She’s very quiet, letting her mom do most of the talking, but 13-year-old Jenna Jones has had a life-changing year during 2016 — one that has increased her confidence and inspired her to be a role model to other young shooters.
In February, a friend of Jenna’s mother Ronda, decided to offer some basic NRA shooting classes for homeschooled kids like Jenna. Jenna took the NRA First Steps Rifle class and loved it. Then, she took the pistol class. And loved it. She then took a shotgun class through a 4-H group. And loved it.
Ronda joined Jenna in all of her classes, and found she enjoyed shooting as well, and was thrilled that Jenna seemed to be a natural at it. “I think kids don’t go into it with the same anxieties that we do as adults,” she ponders. “Jenna just picks something up and nails it. It’s like it’s no big deal.”
“The First Steps classes were wonderful,” says Ronda, but both of them wanted to continue on with learning and shooting. Ronda was frustrated trying to find local junior shooter programs. “There used to be a lot around, but not so much anymore. Then I stumbled on A Girl & A Gun Women’s Shooting League, and found out about their annual conference.”
Jenna admits she was very nervous about attending the conference. But her mom reassured her, telling her that they would only do what they were comfortable with. It turned out that Jenna would be the only junior shooter at the conference, but her experience was so positive and exciting that it ignited her desire to shoot even more.
Her first class was with the master teacher, Kathy Jackson, a wonderful instructor for new shooters, so this worked well for both mother and daughter. “We had never drawn from a holster before. We didn’t bring any guns, didn’t have any equipment so we borrowed everything. And everyone was so helpful,” says Ronda.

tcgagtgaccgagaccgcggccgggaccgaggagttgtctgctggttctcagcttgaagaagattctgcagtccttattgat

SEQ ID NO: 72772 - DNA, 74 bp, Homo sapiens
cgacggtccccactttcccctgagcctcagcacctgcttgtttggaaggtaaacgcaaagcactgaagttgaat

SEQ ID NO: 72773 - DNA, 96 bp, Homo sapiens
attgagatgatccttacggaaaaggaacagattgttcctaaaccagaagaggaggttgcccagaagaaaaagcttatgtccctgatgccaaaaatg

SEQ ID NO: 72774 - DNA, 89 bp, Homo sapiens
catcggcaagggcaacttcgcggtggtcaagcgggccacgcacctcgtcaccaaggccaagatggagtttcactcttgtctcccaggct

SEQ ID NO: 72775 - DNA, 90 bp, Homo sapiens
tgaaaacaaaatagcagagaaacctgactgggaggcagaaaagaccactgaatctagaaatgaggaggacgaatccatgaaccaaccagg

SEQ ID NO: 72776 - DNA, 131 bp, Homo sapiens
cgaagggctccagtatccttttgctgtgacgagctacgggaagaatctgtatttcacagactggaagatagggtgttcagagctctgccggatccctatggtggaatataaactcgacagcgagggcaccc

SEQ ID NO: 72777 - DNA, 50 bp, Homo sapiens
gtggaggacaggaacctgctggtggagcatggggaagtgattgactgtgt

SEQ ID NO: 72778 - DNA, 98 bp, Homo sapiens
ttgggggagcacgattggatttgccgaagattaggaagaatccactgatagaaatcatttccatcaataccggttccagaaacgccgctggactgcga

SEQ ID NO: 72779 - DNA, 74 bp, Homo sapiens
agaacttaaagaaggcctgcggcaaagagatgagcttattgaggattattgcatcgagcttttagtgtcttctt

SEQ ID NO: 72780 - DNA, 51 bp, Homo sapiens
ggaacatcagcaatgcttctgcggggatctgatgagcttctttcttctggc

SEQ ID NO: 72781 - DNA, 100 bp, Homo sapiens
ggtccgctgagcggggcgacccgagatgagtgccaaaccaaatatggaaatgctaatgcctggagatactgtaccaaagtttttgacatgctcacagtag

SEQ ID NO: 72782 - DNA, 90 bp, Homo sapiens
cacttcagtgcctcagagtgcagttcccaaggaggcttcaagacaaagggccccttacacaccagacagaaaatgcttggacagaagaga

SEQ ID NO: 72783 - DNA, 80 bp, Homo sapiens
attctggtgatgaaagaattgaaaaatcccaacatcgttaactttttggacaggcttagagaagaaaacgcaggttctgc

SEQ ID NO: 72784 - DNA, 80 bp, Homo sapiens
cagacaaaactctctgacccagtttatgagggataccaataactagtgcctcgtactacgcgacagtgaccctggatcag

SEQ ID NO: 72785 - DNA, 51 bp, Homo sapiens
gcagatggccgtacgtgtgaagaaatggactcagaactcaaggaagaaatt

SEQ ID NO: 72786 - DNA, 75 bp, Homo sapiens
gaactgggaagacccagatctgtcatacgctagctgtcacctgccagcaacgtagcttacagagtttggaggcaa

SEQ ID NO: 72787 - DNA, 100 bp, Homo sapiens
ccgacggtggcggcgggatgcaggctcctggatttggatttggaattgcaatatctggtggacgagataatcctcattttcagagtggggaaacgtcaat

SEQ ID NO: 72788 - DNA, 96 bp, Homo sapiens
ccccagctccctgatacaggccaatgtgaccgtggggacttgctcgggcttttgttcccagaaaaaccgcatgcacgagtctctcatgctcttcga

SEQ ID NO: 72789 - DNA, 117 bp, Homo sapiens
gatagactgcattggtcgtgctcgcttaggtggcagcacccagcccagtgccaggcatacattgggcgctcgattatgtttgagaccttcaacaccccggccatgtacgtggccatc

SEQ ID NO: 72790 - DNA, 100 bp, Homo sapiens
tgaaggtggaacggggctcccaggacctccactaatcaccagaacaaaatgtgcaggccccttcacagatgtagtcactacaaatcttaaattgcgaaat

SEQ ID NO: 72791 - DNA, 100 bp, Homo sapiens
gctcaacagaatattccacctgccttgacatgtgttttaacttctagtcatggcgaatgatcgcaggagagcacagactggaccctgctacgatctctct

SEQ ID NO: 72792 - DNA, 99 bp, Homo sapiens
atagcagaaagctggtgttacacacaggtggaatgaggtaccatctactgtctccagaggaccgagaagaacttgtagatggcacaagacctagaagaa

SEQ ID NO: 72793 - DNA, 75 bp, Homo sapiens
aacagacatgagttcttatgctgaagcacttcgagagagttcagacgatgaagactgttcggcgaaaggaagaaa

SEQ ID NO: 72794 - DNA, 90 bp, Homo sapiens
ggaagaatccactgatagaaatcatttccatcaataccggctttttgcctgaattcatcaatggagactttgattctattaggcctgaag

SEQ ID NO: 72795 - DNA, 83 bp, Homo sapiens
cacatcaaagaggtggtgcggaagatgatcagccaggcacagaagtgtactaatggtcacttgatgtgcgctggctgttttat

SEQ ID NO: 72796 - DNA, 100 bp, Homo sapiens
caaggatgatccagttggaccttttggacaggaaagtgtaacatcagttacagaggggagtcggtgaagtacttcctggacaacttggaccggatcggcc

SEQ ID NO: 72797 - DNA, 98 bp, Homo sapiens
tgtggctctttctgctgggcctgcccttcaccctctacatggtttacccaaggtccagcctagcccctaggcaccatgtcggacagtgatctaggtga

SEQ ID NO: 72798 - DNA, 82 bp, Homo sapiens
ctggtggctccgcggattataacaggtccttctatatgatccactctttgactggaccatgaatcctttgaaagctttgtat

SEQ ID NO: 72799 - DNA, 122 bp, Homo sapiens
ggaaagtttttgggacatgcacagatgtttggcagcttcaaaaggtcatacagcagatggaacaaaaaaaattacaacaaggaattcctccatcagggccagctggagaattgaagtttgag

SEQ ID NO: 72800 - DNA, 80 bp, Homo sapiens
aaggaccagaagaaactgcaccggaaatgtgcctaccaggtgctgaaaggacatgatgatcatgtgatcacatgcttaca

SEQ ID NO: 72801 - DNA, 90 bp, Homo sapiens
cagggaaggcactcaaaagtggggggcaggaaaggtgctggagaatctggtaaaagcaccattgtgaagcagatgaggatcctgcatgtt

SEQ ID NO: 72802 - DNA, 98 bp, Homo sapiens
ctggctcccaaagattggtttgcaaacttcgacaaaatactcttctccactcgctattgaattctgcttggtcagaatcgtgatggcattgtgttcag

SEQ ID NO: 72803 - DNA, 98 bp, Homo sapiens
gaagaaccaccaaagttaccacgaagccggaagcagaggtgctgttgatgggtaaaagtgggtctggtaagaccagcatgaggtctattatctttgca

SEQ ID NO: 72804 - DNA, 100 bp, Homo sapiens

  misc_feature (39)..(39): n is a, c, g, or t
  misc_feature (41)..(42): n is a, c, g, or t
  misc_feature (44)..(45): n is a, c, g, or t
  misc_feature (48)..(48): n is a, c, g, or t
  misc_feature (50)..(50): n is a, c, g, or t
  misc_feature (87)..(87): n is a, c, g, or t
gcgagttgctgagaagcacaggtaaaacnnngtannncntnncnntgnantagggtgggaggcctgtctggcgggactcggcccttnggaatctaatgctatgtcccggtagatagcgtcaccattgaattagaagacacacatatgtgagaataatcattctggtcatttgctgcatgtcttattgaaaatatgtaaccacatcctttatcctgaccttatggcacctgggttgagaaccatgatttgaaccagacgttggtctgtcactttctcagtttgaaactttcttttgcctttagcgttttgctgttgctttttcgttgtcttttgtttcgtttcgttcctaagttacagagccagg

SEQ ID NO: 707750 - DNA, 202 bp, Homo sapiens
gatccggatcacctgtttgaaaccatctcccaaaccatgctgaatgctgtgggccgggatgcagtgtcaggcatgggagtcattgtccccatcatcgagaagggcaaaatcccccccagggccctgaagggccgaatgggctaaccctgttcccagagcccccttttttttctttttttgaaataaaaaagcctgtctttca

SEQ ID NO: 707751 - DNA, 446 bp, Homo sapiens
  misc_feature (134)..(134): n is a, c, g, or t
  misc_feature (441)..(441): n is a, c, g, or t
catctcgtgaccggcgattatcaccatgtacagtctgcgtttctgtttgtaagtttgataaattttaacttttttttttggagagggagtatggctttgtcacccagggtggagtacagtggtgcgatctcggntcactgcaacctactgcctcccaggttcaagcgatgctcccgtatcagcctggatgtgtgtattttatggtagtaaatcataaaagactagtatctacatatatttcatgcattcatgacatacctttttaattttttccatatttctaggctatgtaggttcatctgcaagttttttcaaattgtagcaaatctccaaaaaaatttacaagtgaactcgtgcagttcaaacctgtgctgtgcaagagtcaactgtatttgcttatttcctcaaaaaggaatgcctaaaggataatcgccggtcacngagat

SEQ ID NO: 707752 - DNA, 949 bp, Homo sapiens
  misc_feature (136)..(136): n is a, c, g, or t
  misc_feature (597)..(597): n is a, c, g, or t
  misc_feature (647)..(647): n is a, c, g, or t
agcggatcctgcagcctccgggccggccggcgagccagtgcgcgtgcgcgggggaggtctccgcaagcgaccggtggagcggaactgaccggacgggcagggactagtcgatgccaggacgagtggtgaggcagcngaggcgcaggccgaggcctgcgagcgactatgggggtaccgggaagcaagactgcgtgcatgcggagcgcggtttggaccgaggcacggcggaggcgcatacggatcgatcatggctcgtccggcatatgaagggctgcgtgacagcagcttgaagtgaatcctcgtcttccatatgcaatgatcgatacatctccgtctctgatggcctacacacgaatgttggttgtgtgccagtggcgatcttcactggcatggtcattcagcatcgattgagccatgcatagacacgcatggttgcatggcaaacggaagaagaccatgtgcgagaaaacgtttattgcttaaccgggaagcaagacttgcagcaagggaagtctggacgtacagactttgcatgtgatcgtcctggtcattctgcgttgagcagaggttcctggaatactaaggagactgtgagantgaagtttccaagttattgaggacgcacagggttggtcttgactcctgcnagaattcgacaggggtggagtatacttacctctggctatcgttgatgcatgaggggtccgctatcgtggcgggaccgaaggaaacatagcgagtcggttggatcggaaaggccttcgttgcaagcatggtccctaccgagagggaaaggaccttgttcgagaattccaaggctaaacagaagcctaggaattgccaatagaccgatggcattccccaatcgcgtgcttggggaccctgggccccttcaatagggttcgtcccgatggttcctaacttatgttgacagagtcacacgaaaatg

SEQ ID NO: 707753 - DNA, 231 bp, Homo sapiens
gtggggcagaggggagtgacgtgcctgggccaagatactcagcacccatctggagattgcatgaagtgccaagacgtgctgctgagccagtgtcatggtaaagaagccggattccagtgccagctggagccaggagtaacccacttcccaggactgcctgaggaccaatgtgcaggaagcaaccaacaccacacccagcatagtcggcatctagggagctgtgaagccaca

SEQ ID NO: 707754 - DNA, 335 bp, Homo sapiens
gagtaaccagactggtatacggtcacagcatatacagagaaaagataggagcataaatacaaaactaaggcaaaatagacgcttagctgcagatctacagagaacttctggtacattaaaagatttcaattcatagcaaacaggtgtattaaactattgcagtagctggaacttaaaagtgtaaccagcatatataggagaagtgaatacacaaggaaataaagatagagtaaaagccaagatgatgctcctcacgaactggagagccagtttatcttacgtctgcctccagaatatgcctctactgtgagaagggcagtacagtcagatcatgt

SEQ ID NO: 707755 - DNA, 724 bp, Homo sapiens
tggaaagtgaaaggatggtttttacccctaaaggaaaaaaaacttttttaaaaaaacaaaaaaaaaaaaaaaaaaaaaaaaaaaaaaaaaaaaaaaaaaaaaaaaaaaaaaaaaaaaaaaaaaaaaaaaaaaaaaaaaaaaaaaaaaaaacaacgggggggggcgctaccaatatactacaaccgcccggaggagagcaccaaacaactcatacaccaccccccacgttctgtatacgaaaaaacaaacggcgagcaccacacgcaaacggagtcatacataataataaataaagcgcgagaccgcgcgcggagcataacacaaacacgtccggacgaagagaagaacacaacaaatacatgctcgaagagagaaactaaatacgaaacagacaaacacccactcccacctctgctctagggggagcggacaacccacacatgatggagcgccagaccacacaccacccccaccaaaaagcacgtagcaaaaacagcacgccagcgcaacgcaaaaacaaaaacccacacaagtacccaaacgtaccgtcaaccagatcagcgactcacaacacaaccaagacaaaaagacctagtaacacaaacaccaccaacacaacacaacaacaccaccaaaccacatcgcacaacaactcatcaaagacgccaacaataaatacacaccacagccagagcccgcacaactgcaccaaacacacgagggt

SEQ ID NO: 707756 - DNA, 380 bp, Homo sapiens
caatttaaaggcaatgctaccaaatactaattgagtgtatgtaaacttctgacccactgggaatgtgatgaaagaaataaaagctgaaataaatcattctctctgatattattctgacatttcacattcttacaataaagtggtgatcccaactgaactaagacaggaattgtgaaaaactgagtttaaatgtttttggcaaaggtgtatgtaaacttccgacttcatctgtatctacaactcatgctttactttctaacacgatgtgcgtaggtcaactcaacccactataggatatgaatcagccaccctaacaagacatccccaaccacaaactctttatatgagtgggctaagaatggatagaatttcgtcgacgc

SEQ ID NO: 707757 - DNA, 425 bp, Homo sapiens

Next Jenna took the AR class with Jordan Blake. “I saw her face light up,” laughs Ronda. “So an AR was our first gun purchase after we got home.” Ronda rightfully brags about Jenna, “Then she attended an event where she hit 59 out of 60 shots from a standing position.”
Jenna then took the long-distance class with Candace Horner and Melissa Gilliland. “Learning how to operate a larger rifle, bigger caliber was fun,” says Jenna.
Then to the surprise and delight of everyone attending the Friday evening “Bang-quet” Jenna won a Springfield XD handgun, which Jenna was very ecstatic about. But the best part of the conference for Jenna was the support and encouragement she received. “They didn’t treat me like a kid or a little girl. They treated me like a new shooter. It made me feel more mature.” Other conference participants who won items during the evening gave them to Jenna to also help her out. “Everyone was so welcoming,” she smiles.
After conference, Jenna decided to begin participating in pistol competitions with a .22. “She took High Lady almost every time,” Ronda marvels. “Without conference we never would have done something like that as soon as we did,” she explains.
Ronda will soon be launching a local chapter of A Girl and A Gun, and Jenna will be the “Junior Ambassador” for the chapter. She won’t be instructing but will be a role model, telling about her experiences and welcoming and encouraging other young women shooters.
Jenna’s future plans include continuing pistol competitions, but also learning 3Gun, so she and her mother will be traveling to A Girl & A Gun’s Brownell’s Ladies’ Multigun Fall Festival in Kentucky in October. There will be other junior shooters there as well, so Jenna is looking forward to the training that will be provided specifically for their group.
“We have the rifle and pistol figured out, but still have to work on figuring out the right shotgun, so we’re hoping to do that at Multigun,” explains Ronda. They will also be attending 3-Gun University put on by A Girl & A Gun next year as well.
Ronda is obviously very proud of her daughter and her personal growth. “As a parent I have seen the confidence in her since conference. That conference made so much difference. There’s just something special about A Girl & A Gun, the support, the encouragement that is there. We wouldn’t be where we are now if it wasn’t for them.”
Jenna is a rarity. She is out there, fully participating in the shooting sports, something very few other young women are doing. “We want to show that girls in Jenna’s age and demographics can participate in shooting safely and positively. She is an under-represented group, and we’re really a pioneer movement for that if you think about it,” Ronda explains.
Jenna is already practicing to be the Junior Ambassador with her words of advice for other young women shooters – “Be sure you are very confident in the 4 Rules of Firearm Safety, and then just jump right in and try. That’s the best way to learn.”